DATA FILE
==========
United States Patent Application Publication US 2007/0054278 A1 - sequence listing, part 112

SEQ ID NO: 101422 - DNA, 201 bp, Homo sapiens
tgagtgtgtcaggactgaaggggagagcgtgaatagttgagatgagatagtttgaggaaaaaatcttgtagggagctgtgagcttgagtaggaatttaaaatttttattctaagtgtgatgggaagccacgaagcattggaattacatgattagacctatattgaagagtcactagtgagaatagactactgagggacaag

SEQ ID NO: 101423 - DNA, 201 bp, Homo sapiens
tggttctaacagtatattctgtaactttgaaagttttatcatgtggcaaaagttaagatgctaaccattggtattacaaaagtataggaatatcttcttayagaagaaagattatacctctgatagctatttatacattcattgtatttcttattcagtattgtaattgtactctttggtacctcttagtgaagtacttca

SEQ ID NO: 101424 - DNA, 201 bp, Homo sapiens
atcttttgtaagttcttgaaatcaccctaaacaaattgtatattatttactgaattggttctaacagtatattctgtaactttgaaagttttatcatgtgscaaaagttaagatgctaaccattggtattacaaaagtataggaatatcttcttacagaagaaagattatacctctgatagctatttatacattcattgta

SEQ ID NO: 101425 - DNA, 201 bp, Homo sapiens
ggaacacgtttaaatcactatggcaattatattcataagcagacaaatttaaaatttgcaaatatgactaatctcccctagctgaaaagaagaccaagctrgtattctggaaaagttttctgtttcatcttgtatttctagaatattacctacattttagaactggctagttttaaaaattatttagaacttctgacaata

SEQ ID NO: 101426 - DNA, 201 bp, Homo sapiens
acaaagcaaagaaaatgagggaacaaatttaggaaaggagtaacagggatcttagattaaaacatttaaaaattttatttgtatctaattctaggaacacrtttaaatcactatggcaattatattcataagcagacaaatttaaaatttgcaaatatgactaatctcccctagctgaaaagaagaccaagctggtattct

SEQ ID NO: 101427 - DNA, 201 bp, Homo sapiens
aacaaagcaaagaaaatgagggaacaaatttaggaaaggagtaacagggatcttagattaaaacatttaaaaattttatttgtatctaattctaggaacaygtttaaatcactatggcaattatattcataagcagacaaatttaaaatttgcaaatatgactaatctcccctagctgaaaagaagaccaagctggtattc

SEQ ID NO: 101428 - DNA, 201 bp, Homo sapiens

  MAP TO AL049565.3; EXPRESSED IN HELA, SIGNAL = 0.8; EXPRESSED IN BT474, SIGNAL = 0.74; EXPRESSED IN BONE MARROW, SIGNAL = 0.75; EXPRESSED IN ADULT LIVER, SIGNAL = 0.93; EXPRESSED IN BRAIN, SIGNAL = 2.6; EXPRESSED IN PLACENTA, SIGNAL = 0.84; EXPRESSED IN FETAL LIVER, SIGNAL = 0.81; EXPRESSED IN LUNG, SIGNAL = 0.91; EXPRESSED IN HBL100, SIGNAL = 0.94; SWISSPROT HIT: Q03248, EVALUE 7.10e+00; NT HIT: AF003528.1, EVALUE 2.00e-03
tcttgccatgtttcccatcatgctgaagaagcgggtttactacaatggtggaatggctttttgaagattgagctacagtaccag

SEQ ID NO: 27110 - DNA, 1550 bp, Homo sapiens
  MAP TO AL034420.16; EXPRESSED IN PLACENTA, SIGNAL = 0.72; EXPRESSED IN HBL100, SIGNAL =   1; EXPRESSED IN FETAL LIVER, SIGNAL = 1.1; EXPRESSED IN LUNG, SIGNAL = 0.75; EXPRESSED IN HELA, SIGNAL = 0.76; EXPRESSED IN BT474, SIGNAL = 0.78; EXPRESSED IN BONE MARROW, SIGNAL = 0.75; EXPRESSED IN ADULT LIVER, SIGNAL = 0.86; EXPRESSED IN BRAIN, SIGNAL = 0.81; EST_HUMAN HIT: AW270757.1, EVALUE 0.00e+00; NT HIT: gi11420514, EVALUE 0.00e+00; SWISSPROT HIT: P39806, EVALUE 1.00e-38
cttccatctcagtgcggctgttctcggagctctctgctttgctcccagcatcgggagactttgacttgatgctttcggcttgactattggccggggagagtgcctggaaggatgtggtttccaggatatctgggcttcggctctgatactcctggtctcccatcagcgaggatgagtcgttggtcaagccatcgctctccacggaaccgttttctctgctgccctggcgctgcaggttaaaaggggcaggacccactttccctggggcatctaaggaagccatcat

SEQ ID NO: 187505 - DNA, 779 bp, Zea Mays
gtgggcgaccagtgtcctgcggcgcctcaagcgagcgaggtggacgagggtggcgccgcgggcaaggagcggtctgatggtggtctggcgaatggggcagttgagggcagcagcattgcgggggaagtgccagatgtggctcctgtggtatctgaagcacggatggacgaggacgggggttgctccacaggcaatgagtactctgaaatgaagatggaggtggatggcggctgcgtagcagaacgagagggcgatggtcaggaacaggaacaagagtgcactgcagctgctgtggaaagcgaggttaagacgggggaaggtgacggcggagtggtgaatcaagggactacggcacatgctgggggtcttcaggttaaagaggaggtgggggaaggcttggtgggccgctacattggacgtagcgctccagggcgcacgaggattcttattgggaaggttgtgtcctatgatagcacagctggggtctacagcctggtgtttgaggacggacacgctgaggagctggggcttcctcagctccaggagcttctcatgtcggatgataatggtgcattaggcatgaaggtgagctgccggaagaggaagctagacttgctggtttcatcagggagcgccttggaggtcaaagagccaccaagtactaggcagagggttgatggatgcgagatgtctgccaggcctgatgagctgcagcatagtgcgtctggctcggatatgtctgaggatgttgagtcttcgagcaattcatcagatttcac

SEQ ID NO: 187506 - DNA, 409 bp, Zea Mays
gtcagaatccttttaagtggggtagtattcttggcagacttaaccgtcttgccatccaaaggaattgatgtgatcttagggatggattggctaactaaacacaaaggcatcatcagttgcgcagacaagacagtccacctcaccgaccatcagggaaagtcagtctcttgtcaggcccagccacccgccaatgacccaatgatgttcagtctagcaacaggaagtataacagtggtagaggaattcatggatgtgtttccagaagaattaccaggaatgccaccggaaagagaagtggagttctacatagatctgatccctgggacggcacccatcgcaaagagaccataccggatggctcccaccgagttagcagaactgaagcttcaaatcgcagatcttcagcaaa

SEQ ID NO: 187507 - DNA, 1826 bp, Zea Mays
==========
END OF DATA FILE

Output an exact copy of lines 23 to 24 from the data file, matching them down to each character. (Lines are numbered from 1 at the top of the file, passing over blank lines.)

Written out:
gtcagaatccttttaagtggggtagtattcttggcagacttaaccgtcttgccatccaaaggaattgatgtgatcttagggatggattggctaactaaacacaaaggcatcatcagttgcgcagacaagacagtccacctcaccgaccatcagggaaagtcagtctcttgtcaggcccagccacccgccaatgacccaatgatgttcagtctagcaacaggaagtataacagtggtagaggaattcatggatgtgtttccagaagaattaccaggaatgccaccggaaagagaagtggagttctacatagatctgatccctgggacggcacccatcgcaaagagaccataccggatggctcccaccgagttagcagaactgaagcttcaaatcgcagatcttcagcaaa

SEQ ID NO: 187507 - DNA, 1826 bp, Zea Mays